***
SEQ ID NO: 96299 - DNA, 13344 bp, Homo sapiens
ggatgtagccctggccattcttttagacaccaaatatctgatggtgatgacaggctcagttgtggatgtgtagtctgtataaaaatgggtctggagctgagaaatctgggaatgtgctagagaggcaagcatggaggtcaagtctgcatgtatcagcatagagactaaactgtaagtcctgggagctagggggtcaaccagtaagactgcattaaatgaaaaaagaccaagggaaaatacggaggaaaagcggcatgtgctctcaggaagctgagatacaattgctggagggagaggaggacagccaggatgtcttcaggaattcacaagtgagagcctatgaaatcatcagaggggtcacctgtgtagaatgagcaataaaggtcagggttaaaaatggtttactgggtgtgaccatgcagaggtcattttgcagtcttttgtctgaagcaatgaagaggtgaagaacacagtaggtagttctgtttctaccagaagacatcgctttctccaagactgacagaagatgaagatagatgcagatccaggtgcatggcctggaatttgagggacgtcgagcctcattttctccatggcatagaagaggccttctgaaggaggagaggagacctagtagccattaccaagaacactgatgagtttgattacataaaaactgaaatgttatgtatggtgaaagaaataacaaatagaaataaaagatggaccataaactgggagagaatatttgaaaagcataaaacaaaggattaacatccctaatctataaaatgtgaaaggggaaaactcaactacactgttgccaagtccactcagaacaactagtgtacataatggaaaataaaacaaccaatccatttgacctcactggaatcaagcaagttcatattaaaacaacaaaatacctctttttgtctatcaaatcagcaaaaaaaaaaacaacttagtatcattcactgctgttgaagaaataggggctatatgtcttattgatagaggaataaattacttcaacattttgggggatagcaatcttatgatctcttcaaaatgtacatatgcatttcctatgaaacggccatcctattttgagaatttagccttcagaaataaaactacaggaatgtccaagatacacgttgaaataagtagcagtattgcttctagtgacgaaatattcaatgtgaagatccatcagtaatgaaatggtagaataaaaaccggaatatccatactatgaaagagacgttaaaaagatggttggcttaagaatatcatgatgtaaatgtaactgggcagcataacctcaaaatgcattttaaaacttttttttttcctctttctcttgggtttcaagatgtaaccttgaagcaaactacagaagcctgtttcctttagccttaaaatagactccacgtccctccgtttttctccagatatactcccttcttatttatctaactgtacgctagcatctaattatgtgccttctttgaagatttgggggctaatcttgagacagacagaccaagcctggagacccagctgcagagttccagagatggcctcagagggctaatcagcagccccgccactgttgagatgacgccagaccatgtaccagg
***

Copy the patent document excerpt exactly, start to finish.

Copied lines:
SEQ ID NO: 96299 - DNA, 13344 bp, Homo sapiens
ggatgtagccctggccattcttttagacaccaaatatctgatggtgatgacaggctcagttgtggatgtgtagtctgtataaaaatgggtctggagctgagaaatctgggaatgtgctagagaggcaagcatggaggtcaagtctgcatgtatcagcatagagactaaactgtaagtcctgggagctagggggtcaaccagtaagactgcattaaatgaaaaaagaccaagggaaaatacggaggaaaagcggcatgtgctctcaggaagctgagatacaattgctggagggagaggaggacagccaggatgtcttcaggaattcacaagtgagagcctatgaaatcatcagaggggtcacctgtgtagaatgagcaataaaggtcagggttaaaaatggtttactgggtgtgaccatgcagaggtcattttgcagtcttttgtctgaagcaatgaagaggtgaagaacacagtaggtagttctgtttctaccagaagacatcgctttctccaagactgacagaagatgaagatagatgcagatccaggtgcatggcctggaatttgagggacgtcgagcctcattttctccatggcatagaagaggccttctgaaggaggagaggagacctagtagccattaccaagaacactgatgagtttgattacataaaaactgaaatgttatgtatggtgaaagaaataacaaatagaaataaaagatggaccataaactgggagagaatatttgaaaagcataaaacaaaggattaacatccctaatctataaaatgtgaaaggggaaaactcaactacactgttgccaagtccactcagaacaactagtgtacataatggaaaataaaacaaccaatccatttgacctcactggaatcaagcaagttcatattaaaacaacaaaatacctctttttgtctatcaaatcagcaaaaaaaaaaacaacttagtatcattcactgctgttgaagaaataggggctatatgtcttattgatagaggaataaattacttcaacattttgggggatagcaatcttatgatctcttcaaaatgtacatatgcatttcctatgaaacggccatcctattttgagaatttagccttcagaaataaaactacaggaatgtccaagatacacgttgaaataagtagcagtattgcttctagtgacgaaatattcaatgtgaagatccatcagtaatgaaatggtagaataaaaaccggaatatccatactatgaaagagacgttaaaaagatggttggcttaagaatatcatgatgtaaatgtaactgggcagcataacctcaaaatgcattttaaaacttttttttttcctctttctcttgggtttcaagatgtaaccttgaagcaaactacagaagcctgtttcctttagccttaaaatagactccacgtccctccgtttttctccagatatactcccttcttatttatctaactgtacgctagcatctaattatgtgccttctttgaagatttgggggctaatcttgagacagacagaccaagcctggagacccagctgcagagttccagagatggcctcagagggctaatcagcagccccgccactgttgagatgacgccagaccatgtaccagg